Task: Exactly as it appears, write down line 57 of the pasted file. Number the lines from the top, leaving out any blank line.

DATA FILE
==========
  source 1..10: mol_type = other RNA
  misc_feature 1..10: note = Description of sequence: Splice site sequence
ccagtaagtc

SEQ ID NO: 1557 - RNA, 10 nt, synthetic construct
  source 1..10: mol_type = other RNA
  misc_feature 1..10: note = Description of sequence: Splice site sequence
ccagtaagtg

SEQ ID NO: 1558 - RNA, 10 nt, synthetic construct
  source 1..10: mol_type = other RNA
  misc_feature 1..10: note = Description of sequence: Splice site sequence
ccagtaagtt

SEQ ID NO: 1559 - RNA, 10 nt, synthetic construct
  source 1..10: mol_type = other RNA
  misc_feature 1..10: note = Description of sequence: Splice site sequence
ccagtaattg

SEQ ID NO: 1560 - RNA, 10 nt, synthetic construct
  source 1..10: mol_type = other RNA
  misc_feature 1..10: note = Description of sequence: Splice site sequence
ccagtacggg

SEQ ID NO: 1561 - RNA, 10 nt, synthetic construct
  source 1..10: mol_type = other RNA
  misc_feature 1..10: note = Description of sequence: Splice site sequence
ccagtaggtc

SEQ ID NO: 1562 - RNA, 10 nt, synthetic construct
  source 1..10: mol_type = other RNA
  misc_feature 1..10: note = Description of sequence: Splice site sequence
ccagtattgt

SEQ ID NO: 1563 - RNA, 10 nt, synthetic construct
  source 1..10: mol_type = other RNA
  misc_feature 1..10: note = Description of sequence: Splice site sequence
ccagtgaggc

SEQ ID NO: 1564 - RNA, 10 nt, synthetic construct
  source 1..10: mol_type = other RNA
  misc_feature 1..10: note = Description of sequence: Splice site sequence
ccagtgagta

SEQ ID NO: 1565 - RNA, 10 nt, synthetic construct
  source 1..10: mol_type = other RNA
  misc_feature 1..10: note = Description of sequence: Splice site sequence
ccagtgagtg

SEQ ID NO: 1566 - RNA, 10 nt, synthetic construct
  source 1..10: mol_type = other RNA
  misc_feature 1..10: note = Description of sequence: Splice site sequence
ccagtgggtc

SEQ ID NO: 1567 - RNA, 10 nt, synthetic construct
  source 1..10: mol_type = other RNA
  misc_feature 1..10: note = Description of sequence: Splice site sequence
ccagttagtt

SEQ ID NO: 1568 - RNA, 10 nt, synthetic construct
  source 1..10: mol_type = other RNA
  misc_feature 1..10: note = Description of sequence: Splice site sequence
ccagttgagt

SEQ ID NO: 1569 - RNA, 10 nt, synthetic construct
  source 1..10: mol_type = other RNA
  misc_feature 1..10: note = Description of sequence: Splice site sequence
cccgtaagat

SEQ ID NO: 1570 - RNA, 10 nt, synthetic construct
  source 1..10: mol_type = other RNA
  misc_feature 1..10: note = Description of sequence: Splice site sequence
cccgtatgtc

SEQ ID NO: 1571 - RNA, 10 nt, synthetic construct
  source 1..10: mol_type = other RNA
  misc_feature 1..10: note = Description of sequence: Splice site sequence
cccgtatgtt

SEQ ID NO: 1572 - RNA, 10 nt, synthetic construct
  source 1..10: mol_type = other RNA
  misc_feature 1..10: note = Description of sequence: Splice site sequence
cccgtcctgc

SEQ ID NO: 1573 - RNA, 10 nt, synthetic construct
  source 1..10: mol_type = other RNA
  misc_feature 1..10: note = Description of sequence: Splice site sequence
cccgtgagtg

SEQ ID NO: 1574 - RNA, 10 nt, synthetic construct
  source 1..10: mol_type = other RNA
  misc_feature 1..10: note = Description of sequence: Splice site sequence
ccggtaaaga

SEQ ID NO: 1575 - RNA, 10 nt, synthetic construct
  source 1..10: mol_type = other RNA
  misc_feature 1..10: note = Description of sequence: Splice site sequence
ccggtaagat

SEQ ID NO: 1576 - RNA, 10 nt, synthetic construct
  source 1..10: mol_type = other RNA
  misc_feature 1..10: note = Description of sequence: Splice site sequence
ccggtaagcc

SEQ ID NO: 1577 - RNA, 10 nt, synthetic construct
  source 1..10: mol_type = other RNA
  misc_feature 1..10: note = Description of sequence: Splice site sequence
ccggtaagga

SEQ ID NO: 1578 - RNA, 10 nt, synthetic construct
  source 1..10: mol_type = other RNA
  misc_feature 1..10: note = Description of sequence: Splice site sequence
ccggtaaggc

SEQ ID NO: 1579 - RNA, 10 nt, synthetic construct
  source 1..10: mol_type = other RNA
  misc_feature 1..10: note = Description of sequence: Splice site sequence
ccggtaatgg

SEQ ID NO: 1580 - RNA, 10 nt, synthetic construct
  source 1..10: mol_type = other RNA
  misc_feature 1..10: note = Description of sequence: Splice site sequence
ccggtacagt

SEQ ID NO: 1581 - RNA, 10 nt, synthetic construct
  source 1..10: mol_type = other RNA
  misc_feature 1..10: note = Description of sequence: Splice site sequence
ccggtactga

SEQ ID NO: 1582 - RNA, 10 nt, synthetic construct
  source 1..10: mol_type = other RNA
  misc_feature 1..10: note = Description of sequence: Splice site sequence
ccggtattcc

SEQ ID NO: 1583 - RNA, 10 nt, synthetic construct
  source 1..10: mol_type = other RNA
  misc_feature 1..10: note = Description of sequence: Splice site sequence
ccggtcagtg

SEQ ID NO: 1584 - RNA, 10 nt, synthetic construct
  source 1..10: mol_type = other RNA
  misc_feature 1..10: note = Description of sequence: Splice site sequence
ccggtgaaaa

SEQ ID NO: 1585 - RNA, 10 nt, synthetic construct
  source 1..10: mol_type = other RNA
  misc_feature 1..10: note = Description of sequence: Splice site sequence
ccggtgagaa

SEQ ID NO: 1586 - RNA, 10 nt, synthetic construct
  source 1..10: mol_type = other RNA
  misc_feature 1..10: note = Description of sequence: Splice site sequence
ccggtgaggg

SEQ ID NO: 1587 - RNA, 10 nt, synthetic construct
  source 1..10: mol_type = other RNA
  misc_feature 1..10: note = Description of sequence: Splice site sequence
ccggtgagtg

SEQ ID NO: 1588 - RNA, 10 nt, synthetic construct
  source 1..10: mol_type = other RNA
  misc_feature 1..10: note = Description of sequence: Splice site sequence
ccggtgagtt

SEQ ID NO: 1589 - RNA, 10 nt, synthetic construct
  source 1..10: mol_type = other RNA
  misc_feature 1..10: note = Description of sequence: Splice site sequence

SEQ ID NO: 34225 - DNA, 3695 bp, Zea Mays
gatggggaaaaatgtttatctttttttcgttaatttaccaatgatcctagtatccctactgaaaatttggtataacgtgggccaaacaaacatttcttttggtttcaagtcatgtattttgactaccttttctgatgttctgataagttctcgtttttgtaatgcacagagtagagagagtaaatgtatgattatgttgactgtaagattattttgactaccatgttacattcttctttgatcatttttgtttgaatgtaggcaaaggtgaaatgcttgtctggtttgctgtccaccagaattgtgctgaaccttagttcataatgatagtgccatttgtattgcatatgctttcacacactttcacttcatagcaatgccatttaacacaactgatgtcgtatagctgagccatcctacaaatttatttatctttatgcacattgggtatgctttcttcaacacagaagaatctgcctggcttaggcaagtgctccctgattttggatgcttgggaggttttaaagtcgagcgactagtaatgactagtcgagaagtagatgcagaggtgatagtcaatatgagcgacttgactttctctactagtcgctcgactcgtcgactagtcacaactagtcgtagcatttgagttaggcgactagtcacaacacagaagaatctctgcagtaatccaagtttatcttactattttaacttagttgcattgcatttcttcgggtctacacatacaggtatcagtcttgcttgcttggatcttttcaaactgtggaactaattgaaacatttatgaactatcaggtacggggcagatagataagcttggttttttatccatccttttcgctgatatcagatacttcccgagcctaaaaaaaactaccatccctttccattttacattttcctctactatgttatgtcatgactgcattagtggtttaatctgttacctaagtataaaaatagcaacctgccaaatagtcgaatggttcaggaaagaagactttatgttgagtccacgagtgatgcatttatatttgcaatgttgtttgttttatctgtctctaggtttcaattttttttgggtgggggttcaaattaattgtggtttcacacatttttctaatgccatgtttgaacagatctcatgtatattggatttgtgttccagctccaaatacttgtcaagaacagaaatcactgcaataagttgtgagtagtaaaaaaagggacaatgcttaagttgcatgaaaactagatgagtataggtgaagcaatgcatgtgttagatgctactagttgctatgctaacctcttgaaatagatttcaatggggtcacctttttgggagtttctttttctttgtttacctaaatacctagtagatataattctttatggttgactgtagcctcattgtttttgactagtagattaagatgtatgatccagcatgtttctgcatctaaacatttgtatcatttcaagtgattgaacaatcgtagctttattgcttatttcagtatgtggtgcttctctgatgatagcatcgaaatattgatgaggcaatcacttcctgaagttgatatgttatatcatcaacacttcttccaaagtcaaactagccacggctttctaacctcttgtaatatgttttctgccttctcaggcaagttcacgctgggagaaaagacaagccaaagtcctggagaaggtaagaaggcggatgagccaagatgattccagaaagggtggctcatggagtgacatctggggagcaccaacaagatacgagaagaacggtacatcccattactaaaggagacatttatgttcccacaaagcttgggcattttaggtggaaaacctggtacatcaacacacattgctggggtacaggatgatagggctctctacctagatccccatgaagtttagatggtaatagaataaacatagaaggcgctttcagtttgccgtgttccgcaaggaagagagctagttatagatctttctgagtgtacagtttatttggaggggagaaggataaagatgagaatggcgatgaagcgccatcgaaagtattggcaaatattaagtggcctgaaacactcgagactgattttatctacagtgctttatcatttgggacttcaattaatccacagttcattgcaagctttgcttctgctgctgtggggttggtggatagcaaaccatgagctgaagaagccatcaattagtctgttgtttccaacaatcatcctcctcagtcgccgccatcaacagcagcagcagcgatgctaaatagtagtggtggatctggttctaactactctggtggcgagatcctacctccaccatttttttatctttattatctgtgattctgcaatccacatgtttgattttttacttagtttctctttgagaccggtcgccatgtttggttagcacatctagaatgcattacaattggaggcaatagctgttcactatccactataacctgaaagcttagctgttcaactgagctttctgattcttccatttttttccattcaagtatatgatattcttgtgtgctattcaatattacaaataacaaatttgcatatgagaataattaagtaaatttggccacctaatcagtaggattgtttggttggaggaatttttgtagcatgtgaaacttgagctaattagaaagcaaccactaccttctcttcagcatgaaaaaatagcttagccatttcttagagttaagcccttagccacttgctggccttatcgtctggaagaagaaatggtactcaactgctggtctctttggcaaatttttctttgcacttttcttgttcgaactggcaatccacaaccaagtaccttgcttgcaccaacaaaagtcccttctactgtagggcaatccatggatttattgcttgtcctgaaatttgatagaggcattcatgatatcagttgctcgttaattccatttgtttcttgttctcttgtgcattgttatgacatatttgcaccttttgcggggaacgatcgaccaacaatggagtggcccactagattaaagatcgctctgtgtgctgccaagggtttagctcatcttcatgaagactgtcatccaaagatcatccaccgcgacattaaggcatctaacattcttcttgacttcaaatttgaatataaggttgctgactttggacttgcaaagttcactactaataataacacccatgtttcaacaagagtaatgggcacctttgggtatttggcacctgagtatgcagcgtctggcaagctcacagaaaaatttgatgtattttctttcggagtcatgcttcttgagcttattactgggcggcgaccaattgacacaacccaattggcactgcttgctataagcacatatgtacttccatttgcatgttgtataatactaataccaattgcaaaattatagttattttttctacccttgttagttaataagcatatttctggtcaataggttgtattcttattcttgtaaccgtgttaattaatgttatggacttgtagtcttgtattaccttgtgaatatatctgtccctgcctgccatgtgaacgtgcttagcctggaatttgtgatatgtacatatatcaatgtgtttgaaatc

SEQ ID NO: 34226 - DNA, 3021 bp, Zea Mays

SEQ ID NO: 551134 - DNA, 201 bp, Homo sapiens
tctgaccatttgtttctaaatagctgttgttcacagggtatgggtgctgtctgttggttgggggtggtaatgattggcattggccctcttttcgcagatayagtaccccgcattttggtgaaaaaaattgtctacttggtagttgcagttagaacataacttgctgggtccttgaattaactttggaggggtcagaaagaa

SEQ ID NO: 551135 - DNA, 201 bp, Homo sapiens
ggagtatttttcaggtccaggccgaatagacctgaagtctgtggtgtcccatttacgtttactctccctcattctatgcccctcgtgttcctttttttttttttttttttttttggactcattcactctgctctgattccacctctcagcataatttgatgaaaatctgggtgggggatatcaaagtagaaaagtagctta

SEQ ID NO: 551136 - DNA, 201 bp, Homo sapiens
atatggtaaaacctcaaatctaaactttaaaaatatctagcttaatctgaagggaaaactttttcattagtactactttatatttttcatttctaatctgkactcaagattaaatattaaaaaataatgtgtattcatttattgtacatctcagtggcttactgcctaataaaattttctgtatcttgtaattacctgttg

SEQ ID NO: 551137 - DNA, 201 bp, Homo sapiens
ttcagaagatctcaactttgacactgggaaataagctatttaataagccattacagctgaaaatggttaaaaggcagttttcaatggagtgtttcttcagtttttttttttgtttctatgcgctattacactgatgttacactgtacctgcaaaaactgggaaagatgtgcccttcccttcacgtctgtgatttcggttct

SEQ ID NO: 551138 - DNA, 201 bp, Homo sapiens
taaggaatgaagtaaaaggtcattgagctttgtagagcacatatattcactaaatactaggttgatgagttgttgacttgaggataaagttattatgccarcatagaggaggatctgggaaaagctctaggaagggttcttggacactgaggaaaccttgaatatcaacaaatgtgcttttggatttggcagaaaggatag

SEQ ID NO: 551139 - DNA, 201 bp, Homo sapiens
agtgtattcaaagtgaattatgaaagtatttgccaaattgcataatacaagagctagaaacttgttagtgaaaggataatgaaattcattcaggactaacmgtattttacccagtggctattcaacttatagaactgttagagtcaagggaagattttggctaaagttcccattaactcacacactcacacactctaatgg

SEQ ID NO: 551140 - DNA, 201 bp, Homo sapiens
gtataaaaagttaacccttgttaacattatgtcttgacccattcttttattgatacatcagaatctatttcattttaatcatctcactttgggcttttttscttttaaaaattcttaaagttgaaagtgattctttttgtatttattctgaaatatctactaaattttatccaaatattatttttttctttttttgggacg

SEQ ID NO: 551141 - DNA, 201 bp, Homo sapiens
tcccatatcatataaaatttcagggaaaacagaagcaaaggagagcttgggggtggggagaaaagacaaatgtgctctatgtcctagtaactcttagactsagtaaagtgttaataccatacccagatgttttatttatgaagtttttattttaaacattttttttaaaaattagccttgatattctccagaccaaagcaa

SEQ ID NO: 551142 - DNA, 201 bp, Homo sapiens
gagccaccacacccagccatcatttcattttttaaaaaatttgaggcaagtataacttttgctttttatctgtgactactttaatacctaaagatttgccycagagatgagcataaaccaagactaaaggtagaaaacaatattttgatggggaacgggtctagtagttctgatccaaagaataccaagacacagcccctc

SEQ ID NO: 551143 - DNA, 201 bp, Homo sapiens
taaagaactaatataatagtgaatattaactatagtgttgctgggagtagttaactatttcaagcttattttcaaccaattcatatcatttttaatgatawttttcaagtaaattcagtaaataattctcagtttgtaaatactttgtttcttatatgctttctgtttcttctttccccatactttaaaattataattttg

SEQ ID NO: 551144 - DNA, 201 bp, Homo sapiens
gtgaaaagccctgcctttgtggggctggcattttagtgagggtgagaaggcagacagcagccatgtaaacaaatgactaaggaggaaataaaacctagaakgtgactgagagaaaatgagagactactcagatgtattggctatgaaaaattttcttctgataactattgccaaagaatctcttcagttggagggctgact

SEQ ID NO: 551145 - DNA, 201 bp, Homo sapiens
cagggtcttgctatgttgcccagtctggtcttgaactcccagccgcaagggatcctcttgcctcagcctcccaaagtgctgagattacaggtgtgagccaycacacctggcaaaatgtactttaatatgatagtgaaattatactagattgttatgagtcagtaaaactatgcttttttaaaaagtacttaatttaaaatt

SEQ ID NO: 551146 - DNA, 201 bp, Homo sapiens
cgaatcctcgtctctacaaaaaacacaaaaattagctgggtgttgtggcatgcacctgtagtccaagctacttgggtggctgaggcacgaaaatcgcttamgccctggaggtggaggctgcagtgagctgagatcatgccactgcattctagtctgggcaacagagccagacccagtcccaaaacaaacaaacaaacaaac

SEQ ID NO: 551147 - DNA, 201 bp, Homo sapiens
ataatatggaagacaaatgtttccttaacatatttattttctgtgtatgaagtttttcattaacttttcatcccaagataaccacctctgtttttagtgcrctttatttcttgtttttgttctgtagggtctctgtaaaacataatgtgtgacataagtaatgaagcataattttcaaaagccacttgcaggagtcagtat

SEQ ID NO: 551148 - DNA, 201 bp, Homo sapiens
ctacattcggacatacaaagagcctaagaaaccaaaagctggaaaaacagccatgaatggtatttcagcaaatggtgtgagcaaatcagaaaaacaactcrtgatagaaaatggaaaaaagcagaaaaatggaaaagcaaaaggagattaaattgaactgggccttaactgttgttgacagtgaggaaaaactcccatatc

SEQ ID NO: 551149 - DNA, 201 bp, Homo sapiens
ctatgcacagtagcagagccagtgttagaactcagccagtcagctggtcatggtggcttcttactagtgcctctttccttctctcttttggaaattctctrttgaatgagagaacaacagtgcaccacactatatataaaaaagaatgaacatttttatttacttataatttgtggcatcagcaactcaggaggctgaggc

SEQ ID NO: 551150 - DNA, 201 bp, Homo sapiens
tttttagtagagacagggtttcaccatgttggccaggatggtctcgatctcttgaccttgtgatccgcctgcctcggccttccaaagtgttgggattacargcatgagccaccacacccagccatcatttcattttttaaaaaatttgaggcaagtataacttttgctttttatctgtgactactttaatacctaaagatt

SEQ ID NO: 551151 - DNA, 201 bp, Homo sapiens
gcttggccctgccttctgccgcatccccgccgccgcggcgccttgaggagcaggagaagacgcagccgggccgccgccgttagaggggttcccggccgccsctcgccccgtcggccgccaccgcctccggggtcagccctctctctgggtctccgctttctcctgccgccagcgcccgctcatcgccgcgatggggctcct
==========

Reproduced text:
  source 1..10: mol_type = other RNA